Union paid firms with family ties
The Service Employees International Union’s headquarters has paid millions of dollars to consulting firms, political nonprofits and individuals with family ties and other personal connections to some of the labor organization’s top officers, records show.
One company partly owned by a union director also received more than $1 million in SEIU consulting fees.
The nation’s fastest-growing union, the SEIU bills itself a standard-setter in the drive to reform and modernize the labor movement. It has adopted a code of ethics that bars officers from directing business to their relatives, although a spokeswoman said no competitive bidding process is required when such contracts are awarded.
Labor Department records from 2003 through last year show that:
The SEIU and its political affiliate contributed $3 million to America Votes, an advocacy organization that was headed by Cecile Richards, wife of an aide to SEIU President Andy Stern, at the time the payments were made.
Melissa Mullinax was an SEIU political director when the political consulting firm she held a 20%-to-25% stake in, The Edison Group, was paid more than $1 million, including expenses. In addition, the SEIU has spent about $41,000 on a graphic design company owned by Mullinax’s husband, Jason Abbott.
The union paid about $520,000 to a consulting firm co-founded by Democratic Party and labor strategist Steve Rosenthal, the husband of another SEIU director, Eileen Kirlin. Rosenthal, a longtime friend of Stern, also headed America Coming Together, a get-out-the-vote nonprofit that received $23 million from the union.
Pamela Kieffer, wife of a third union director, David Kieffer, has received about $70,000 in consulting fees and in separate payments from a firm that provided recruitment services to SEIU.
In addition, the SEIU and an associated nonprofit paid roughly $210,000 in consulting fees over four years to Don Stillman, husband of the union’s outside legal counsel, Judith Scott. Stillman helped edit a 2006 book written by Stern, a publication that has generated controversy because of how the union president profited from it.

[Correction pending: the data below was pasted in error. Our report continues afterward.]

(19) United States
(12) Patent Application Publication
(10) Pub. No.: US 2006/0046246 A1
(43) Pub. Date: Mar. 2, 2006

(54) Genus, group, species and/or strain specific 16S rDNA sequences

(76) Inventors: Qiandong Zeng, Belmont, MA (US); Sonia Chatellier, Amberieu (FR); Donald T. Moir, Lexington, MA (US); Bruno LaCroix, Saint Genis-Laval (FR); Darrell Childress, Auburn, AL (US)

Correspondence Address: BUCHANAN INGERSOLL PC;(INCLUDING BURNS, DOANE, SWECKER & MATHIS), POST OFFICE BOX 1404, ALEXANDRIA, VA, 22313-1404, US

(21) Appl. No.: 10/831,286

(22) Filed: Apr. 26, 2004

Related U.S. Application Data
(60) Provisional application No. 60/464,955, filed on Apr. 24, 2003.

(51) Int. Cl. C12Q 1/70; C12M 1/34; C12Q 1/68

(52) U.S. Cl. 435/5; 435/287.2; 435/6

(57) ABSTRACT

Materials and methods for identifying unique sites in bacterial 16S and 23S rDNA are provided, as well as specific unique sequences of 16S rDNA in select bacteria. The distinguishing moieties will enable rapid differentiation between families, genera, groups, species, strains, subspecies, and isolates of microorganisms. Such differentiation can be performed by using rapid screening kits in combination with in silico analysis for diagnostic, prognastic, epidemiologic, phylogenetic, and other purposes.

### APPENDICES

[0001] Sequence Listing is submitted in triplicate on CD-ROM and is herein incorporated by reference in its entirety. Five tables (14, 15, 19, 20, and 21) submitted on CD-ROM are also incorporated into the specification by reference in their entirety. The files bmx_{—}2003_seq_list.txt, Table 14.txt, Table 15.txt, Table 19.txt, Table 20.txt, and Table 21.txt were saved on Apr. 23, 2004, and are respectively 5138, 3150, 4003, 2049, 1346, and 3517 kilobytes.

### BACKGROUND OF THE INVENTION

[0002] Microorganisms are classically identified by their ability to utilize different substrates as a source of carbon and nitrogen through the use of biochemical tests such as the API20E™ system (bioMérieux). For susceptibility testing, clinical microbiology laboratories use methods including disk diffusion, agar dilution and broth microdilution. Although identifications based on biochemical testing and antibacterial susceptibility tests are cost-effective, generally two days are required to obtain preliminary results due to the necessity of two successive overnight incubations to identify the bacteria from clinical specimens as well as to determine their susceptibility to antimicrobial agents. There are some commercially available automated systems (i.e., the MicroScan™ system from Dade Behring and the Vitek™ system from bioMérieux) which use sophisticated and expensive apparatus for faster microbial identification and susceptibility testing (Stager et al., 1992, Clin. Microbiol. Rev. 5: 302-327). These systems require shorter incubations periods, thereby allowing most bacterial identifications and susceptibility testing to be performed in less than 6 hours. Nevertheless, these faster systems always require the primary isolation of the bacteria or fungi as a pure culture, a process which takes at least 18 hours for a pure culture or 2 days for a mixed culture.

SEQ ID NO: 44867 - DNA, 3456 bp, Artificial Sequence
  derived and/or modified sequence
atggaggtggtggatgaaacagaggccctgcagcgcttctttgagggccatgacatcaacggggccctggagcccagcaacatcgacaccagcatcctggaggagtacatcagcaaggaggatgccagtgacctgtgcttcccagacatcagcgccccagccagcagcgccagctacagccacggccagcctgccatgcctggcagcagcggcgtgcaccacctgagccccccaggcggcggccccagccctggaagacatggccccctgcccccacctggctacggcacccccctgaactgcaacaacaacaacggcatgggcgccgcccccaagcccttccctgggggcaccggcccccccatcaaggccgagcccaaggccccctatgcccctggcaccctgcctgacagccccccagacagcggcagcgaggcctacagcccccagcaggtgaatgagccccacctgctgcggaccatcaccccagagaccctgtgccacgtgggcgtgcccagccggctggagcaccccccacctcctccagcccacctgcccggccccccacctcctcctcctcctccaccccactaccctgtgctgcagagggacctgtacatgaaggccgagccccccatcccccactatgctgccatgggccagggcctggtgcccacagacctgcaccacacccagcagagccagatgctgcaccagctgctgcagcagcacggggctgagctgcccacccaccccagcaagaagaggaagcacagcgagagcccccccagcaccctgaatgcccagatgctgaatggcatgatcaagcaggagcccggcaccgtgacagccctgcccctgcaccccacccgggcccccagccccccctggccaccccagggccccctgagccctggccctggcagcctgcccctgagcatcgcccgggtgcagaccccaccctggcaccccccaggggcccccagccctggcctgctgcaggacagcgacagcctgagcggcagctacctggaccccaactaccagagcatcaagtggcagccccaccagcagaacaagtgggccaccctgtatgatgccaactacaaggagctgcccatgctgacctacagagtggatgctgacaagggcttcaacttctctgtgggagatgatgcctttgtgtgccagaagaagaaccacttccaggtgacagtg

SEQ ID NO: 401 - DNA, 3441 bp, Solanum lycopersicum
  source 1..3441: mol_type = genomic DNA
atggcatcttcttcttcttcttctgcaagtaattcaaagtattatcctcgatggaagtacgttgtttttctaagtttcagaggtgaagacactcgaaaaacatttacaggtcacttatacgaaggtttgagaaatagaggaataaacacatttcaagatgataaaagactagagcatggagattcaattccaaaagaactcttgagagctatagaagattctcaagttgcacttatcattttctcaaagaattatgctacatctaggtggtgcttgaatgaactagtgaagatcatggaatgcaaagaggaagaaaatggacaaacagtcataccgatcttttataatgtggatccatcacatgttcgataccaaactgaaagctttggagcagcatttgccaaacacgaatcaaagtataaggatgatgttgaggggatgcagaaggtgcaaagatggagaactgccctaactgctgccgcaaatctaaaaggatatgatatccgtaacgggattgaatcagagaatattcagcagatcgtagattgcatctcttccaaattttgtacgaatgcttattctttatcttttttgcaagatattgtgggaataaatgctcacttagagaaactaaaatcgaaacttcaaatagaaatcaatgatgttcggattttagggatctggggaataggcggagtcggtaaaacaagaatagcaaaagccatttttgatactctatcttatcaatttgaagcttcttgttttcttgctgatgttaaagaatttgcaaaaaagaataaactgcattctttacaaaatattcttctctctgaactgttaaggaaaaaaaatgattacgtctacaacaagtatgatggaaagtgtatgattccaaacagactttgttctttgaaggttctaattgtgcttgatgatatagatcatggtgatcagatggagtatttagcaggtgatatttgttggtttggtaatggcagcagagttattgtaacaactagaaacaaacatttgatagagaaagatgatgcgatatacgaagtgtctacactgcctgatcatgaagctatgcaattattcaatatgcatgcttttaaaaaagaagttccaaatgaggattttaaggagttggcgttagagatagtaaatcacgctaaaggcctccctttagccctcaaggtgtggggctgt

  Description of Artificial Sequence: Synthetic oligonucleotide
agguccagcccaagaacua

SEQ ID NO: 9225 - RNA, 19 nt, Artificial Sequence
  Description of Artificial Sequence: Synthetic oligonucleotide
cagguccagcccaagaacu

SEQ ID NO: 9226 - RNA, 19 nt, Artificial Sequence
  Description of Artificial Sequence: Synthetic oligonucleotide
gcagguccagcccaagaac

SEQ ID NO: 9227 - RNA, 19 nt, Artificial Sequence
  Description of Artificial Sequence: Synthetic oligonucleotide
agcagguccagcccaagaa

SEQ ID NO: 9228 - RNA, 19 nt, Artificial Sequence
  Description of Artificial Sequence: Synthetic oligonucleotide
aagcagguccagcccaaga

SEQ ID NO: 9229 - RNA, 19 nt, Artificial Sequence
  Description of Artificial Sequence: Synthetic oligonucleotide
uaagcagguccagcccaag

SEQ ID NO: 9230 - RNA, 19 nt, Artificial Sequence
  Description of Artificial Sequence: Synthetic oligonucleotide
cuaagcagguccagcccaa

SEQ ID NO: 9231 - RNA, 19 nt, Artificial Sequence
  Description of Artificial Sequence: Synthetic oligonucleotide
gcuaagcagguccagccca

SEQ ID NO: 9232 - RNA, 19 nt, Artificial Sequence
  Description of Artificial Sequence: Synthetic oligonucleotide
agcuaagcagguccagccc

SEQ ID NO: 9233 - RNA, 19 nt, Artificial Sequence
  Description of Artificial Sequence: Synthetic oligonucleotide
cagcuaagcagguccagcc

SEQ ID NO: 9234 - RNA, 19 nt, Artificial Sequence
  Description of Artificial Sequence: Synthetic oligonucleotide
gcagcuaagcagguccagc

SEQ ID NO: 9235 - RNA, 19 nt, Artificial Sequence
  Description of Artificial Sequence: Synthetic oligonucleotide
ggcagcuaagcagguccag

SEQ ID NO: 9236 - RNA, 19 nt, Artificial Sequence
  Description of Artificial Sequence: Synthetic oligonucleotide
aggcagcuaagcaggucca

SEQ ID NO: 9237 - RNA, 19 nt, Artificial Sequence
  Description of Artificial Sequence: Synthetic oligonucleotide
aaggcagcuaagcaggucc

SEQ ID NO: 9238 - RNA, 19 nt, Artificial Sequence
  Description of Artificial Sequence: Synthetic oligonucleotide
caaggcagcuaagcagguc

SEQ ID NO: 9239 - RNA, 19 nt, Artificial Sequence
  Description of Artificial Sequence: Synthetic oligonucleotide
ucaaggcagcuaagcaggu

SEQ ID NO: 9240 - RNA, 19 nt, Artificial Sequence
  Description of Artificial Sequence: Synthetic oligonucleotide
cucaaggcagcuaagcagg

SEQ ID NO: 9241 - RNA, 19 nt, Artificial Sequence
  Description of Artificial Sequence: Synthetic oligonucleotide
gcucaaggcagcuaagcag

Although she is not an SEIU staffer, Scott disclosed her husband’s relationship with the union on U.S. Labor Department disclosure forms filed by officers.
SEIU spokeswoman Michelle Ringuette said there was nothing improper about any of the payments, which also were reported in the union’s annual financial filings with the Labor Department.
She said the expenditures comply with rules against nepotism and self-dealing that the union adopted in 2005. The officers had no input in the hiring of spouses or in their compensation, she said.
“They did not work for, nor were they retained by, their spouses, and they did a good job,” Ringuette said.
The SEIU represents about 2 million healthcare workers, government employees, janitors and others in the private and public sectors. Ringuette said the union received excellent services from Rosenthal’s organizations, America Votes, the consulting firms and the individuals, Mullinax among them.
“She is a respected political consultant,” Ringuette said.
She said the money paid to America Coming Together was particularly well spent, considering the group’s widely applauded efforts to turn out Democratic voters in the 2004 presidential election. Ringuette added that Rosenthal more than earned the $520,000 that his consulting firm received for political work.
Rosenthal said any criticism of his relationship with the union would be “almost stunning.” “I hold the work I do up to anybody’s,” he said.